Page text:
American Dragons: Twenty-five Asian American Voices

The dragon, a symbol of Asian art and mythology, appears in many guises and is always adaptable — a survivor par excellence. Asian Americans display this same supple strength as they move between their Asian culture and their American one.

In American Dragons, Laurence Yep brings together twenty-five talented writers, each with a different story about the Asian American experience:

- A Chinese American girl struggles to find her place in a suburban high school without denying her true intelligence.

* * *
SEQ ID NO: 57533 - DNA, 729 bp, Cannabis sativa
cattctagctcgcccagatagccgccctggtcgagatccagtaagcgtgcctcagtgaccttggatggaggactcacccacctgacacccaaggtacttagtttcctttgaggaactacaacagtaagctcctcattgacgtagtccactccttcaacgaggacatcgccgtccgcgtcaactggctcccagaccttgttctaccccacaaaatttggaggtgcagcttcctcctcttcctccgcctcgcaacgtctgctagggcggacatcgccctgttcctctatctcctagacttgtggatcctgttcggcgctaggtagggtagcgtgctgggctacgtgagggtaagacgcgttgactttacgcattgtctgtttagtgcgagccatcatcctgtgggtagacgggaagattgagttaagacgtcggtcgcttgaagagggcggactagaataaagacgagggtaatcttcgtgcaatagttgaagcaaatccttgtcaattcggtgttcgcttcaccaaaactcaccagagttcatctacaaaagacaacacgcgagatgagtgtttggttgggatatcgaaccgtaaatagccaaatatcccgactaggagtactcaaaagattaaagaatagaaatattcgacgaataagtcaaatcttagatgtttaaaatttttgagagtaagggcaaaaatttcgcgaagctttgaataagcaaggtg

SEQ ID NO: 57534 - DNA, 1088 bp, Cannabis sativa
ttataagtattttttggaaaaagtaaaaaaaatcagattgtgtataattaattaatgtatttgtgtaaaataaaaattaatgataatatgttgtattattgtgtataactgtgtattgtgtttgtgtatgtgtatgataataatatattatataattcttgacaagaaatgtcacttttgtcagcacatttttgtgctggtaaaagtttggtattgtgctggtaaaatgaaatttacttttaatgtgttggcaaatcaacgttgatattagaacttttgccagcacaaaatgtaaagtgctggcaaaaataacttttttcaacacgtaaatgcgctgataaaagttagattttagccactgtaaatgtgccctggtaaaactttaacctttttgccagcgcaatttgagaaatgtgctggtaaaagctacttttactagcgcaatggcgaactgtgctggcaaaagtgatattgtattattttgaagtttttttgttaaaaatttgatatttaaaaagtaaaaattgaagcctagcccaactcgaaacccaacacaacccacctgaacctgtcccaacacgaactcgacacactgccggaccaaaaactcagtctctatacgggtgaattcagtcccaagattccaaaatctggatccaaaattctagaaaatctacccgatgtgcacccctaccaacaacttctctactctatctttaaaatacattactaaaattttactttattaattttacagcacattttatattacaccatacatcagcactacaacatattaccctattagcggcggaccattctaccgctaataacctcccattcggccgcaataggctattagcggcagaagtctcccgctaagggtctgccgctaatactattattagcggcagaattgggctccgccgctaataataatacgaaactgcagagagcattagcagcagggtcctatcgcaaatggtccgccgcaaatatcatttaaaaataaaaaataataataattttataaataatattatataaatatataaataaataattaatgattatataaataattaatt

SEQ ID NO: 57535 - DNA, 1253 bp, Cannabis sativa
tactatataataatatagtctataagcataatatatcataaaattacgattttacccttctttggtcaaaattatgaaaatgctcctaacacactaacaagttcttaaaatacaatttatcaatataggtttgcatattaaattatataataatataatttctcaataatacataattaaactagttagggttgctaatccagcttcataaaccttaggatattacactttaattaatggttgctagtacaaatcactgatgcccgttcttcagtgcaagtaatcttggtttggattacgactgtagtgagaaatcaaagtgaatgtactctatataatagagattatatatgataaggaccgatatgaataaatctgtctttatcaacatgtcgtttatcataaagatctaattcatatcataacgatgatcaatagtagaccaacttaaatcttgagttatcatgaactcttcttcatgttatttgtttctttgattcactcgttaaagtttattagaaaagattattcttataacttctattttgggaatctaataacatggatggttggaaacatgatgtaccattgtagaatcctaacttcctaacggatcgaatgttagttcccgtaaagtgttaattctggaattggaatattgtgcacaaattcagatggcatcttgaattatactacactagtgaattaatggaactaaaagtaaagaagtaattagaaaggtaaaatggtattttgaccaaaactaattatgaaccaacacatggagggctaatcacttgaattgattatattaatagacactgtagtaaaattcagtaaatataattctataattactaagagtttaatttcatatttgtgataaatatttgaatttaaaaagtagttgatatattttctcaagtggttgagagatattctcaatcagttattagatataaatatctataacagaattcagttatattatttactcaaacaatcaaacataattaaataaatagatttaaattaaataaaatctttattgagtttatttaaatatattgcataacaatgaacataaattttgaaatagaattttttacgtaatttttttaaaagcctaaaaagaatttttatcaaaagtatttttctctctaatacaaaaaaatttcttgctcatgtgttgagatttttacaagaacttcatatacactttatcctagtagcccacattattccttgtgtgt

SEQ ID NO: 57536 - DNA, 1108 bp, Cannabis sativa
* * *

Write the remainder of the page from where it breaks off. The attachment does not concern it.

- A young woman is torn when her romantic feelings clash with the expectations of her Vietnamese parents.

- A twenty-first-century teenager and his aging grandfather learn that it is possible to live in the future without losing touch with the past.

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About Dragon Mystic

I fell in love with dragons when I read Tea With the Black Dragon, and never looked back. Not the clunky winged Medieval dragons that ate cows, the graceful Asian dragons that could fly without wings. Later I discovered the elegant Welsh dragons, red and white, as described by R.J. Stewart in his books on the historical Merlin.
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2 Responses to American Dragons: Twenty-five Asian American Voices

  1. Gale Finlayson "PLUME45" says: